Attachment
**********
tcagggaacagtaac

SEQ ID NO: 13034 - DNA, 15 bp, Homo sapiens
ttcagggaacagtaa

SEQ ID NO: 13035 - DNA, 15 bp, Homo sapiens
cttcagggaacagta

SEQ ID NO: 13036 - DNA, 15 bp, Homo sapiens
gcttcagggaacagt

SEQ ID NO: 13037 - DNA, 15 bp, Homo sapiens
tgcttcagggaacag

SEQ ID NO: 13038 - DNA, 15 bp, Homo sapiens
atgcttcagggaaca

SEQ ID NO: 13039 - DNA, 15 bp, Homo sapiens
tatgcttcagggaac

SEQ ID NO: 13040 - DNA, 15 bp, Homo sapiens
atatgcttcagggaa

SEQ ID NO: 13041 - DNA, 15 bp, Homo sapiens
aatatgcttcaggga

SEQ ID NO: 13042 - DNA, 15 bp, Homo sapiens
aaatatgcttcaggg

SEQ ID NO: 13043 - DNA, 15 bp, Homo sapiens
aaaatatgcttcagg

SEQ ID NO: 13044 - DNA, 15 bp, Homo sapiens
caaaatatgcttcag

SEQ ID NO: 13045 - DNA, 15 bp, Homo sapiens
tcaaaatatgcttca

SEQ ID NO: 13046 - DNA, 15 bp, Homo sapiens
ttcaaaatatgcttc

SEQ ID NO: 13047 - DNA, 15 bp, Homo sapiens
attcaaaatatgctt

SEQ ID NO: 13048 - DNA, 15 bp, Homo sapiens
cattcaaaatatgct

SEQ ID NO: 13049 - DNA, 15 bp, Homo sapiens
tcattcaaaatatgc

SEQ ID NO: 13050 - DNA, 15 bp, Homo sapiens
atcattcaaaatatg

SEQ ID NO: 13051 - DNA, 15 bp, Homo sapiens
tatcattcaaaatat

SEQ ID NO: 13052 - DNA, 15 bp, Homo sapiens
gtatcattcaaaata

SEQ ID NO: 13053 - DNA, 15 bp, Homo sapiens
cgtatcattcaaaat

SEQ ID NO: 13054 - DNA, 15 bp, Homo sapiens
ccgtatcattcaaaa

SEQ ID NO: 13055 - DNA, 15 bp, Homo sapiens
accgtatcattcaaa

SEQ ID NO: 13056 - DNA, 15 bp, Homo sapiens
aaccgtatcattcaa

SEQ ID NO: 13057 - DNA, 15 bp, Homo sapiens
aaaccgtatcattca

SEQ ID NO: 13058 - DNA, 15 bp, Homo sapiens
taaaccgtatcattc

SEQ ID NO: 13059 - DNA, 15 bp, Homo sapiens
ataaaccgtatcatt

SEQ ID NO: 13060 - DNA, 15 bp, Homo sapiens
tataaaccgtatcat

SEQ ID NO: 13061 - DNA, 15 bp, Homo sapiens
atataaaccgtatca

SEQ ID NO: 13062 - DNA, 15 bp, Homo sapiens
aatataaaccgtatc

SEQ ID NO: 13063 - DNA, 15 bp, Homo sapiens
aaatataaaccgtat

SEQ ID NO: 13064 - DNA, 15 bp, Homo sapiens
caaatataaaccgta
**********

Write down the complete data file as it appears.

tcagggaacagtaac

SEQ ID NO: 13034 - DNA, 15 bp, Homo sapiens
ttcagggaacagtaa

SEQ ID NO: 13035 - DNA, 15 bp, Homo sapiens
cttcagggaacagta

SEQ ID NO: 13036 - DNA, 15 bp, Homo sapiens
gcttcagggaacagt

SEQ ID NO: 13037 - DNA, 15 bp, Homo sapiens
tgcttcagggaacag

SEQ ID NO: 13038 - DNA, 15 bp, Homo sapiens
atgcttcagggaaca

SEQ ID NO: 13039 - DNA, 15 bp, Homo sapiens
tatgcttcagggaac

SEQ ID NO: 13040 - DNA, 15 bp, Homo sapiens
atatgcttcagggaa

SEQ ID NO: 13041 - DNA, 15 bp, Homo sapiens
aatatgcttcaggga

SEQ ID NO: 13042 - DNA, 15 bp, Homo sapiens
aaatatgcttcaggg

SEQ ID NO: 13043 - DNA, 15 bp, Homo sapiens
aaaatatgcttcagg

SEQ ID NO: 13044 - DNA, 15 bp, Homo sapiens
caaaatatgcttcag

SEQ ID NO: 13045 - DNA, 15 bp, Homo sapiens
tcaaaatatgcttca

SEQ ID NO: 13046 - DNA, 15 bp, Homo sapiens
ttcaaaatatgcttc

SEQ ID NO: 13047 - DNA, 15 bp, Homo sapiens
attcaaaatatgctt

SEQ ID NO: 13048 - DNA, 15 bp, Homo sapiens
cattcaaaatatgct

SEQ ID NO: 13049 - DNA, 15 bp, Homo sapiens
tcattcaaaatatgc

SEQ ID NO: 13050 - DNA, 15 bp, Homo sapiens
atcattcaaaatatg

SEQ ID NO: 13051 - DNA, 15 bp, Homo sapiens
tatcattcaaaatat

SEQ ID NO: 13052 - DNA, 15 bp, Homo sapiens
gtatcattcaaaata

SEQ ID NO: 13053 - DNA, 15 bp, Homo sapiens
cgtatcattcaaaat

SEQ ID NO: 13054 - DNA, 15 bp, Homo sapiens
ccgtatcattcaaaa

SEQ ID NO: 13055 - DNA, 15 bp, Homo sapiens
accgtatcattcaaa

SEQ ID NO: 13056 - DNA, 15 bp, Homo sapiens
aaccgtatcattcaa

SEQ ID NO: 13057 - DNA, 15 bp, Homo sapiens
aaaccgtatcattca

SEQ ID NO: 13058 - DNA, 15 bp, Homo sapiens
taaaccgtatcattc

SEQ ID NO: 13059 - DNA, 15 bp, Homo sapiens
ataaaccgtatcatt

SEQ ID NO: 13060 - DNA, 15 bp, Homo sapiens
tataaaccgtatcat

SEQ ID NO: 13061 - DNA, 15 bp, Homo sapiens
atataaaccgtatca

SEQ ID NO: 13062 - DNA, 15 bp, Homo sapiens
aatataaaccgtatc

SEQ ID NO: 13063 - DNA, 15 bp, Homo sapiens
aaatataaaccgtat

SEQ ID NO: 13064 - DNA, 15 bp, Homo sapiens
caaatataaaccgta